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Deja Vu All Over Again and Again and Again

The Buffett Deception

The opinions expressed by columnists are their own and do not necessarily represent the views of

Mr. Buffett has had a great career buying companies and integrating them into his empire. He ought to stick to that. His recent editorial in the New York Times shows the flaws in many arguments that come from the left.

While the poor and middle class fight for us in Afghanistan, and while most Americans struggle to make ends meet, we mega-rich continue to get our extraordinary tax breaks.

Last time I checked, it was an all volunteer force. Since we stopped picking winners and losers by ending the draft, our force has matured into the best fighting force in the world. The rich kids that walk the hallowed halls of the top universities in the US didn’t even have ROTC until last year. I suppose if a Republican is elected President again, they will find a way to pull the rug out of ROTC again. Rich kids can join the armed forces at any time up to age 26, same as everyone else. Our tax code ought to be applied in the same way.

Buffett is upset at the way the mega rich are taxed. People respond to incentives and his argument and behavior clearly show why taxes are simply incentives to behavior. Mr. Buffett doesn’t draw much of a salary, and lives off his capital appreciation and dividends. Most of us can’t do that, but we all aspire to that. Why? 15% tax rate. I notice that when it comes time to dissolve his empire, he is donating most of the money to charity to avoid the onerous estate taxes the little people get to pay.

Mr. Buffett goes on in his folksy manner. Don’t underestimate him, he is a genius.

Last year my federal tax bill — the income tax I paid, as well as payroll taxes paid by me and on my behalf — was $6,938,744. That sounds like a lot of money. But what I paid was only 17.4 percent of my taxable income — and that’s actually a lower percentage than was paid by any of the other 20 people in our office. Their tax burdens ranged from 33 percent to 41 percent and averaged 36 percent.

Guess what. Most people in the US pay an effective rate of 19% no matter what their marginal rate is. I don’t know the particulars of how Mr. Buffett pays his office employees, but if they are paying 36% on average it’s far higher than most Americans’ effective marginal rate.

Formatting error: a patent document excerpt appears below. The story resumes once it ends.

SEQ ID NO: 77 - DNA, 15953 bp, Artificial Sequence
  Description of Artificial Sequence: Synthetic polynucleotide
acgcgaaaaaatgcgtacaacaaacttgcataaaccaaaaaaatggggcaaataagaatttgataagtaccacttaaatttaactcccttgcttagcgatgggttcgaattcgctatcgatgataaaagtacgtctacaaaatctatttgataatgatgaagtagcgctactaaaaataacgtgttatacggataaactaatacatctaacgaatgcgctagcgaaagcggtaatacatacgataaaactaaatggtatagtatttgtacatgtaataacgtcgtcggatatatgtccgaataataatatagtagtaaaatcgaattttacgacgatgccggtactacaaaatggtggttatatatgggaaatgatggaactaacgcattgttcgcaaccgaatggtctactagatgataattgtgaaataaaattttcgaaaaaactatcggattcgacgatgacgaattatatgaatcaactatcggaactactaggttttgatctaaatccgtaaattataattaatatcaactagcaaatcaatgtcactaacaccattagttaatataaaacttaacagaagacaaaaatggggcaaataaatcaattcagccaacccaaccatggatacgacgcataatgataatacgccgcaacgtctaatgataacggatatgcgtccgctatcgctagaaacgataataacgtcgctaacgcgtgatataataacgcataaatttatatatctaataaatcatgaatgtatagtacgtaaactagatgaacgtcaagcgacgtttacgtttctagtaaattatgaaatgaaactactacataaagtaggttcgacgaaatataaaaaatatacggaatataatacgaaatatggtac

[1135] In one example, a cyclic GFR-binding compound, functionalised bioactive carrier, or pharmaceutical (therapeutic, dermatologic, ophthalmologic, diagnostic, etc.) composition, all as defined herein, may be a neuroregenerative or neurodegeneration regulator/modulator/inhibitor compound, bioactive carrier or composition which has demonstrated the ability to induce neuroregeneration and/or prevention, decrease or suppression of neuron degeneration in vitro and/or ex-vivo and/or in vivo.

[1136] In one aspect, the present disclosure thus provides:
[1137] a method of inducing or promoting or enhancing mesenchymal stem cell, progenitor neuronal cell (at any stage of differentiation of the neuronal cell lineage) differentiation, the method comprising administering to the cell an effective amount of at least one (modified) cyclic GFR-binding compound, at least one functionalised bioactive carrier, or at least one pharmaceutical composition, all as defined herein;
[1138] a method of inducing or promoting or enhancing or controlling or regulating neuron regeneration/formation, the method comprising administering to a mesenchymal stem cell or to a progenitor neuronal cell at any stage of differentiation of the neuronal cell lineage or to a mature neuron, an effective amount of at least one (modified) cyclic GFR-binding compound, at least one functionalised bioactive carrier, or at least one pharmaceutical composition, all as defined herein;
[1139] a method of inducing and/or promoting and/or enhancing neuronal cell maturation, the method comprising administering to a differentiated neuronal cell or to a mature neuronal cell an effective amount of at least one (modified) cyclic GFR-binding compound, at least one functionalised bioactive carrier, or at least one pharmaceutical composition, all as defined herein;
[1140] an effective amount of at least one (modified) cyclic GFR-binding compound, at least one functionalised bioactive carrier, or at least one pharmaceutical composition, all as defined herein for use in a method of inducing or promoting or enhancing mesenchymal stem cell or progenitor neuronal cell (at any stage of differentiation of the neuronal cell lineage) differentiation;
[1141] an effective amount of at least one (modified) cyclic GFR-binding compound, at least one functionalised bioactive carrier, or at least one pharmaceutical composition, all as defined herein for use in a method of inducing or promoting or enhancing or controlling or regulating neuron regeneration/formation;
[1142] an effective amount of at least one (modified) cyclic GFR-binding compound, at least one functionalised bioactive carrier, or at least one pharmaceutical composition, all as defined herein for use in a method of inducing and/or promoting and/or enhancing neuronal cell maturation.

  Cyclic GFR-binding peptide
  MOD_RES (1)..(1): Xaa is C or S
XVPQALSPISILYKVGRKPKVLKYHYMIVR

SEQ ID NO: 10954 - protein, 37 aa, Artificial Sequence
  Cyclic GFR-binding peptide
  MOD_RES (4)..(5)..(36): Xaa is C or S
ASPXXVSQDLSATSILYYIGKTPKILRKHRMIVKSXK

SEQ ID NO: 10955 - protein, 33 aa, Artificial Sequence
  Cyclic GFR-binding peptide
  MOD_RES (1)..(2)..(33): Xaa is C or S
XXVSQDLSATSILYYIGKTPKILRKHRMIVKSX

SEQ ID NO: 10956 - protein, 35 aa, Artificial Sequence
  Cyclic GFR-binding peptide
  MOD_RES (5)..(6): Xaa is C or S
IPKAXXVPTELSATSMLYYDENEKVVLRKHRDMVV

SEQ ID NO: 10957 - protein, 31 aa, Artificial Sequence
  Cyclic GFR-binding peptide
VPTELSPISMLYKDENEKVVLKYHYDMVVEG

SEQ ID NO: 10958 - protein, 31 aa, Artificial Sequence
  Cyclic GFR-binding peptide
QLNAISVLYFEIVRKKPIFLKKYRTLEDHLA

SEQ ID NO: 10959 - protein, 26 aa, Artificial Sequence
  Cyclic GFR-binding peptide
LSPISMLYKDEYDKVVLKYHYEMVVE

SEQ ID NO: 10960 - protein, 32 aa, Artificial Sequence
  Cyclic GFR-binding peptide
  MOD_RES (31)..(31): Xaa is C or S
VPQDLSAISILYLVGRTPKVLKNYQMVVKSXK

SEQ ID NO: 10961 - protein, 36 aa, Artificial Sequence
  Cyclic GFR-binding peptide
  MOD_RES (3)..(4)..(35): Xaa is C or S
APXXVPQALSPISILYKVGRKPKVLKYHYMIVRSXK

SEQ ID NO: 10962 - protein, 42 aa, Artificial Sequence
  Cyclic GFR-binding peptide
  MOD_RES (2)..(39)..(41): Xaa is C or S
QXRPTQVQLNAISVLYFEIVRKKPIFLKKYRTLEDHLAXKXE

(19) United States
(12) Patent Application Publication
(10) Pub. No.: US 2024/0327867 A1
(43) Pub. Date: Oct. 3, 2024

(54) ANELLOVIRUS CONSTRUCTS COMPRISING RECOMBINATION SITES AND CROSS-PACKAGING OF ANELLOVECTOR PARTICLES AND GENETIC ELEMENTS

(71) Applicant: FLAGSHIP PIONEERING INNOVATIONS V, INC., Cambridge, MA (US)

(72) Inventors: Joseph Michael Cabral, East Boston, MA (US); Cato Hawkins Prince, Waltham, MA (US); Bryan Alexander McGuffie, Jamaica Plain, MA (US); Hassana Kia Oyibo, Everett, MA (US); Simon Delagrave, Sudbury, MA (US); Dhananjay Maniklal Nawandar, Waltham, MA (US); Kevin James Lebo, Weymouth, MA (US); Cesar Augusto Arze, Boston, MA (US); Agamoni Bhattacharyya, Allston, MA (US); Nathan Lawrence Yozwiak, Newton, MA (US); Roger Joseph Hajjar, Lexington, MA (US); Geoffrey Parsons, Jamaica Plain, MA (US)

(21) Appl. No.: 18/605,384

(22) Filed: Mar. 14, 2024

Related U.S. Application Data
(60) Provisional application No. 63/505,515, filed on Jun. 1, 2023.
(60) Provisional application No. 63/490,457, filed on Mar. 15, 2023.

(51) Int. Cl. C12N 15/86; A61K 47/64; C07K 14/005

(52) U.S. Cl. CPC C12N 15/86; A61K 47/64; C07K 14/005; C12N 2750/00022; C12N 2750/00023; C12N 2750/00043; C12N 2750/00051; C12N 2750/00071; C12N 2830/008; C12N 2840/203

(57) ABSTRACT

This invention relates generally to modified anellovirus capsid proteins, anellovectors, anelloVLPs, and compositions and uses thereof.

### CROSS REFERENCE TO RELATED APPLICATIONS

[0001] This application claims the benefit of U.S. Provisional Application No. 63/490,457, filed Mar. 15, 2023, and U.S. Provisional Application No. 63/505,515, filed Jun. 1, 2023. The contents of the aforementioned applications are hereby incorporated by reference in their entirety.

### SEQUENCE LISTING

Chairman Buffett’s logic also discounts how many Mom and Pop small businesses pay at the highest marginal rate. Mr. Buffett gets to avoid paying that because of the way Berkshire Hathaway, his company, is structured. Because he is a corporate conglomerate, they are able to avoid paying most US income taxes. Perhaps they ought to reorganize so the company looks like and individual taxpayer. Mr. Buffett might see things differently.

This of course will bring up the “fairness” issue with regard to tax policy. Anytime a person does that, it brings personal values into the argument. Liberals love to point out what is fair for everyone and then do all they can to avoid it.

Mr. Buffett is rich enough to be a Democrat. It won’t alter his lifestyle one bit if we made the marginal tax rate 100%. He’s got his. Imagine how much more arduous his climb to the top would have been back in the 1960's if we targeted him for tax increases.

The way to reform the tax code is to recognize how entities act, and to apply taxes accordingly. This type of reform would tax corporations at 0%, because all they do aggregate taxes anyway. Real reform would flat tax all Americans at the same rate, no deductions for anything. Real tax reform would allow capital to flow toward GDP increasing enterprises, and not be tied up in underperforming assets.

There is no hope of that happening in Washington DC by November. But, post November 2012 there is hope if they right people are elected. Before then, if Mr. Buffett feels like it he can send extra money to the federal government. I am sure his pals in DC will take it.

tip of the hat to Reformed Broker


One commenter said that Buffett also pays less when it comes to payroll taxes. I argued with him that the article wasn’t considering those taxes-yet Buffett’s quote clearly says he took those into account. This is a clear deception by Buffet trying to get you to look at the total large number paid, and not the rates. Buffett is able to limit how much he pays to payroll taxes because of the manner that he gets his income. This points to a different discussion about taxes that I wrote about here.

I also didn’t cover entitlement taxes in this post because that is a different discussion along the same lines. Short answer is entitlement reform will eventually lead to a lower tax burden on US

John Ransom | Create Your Badge

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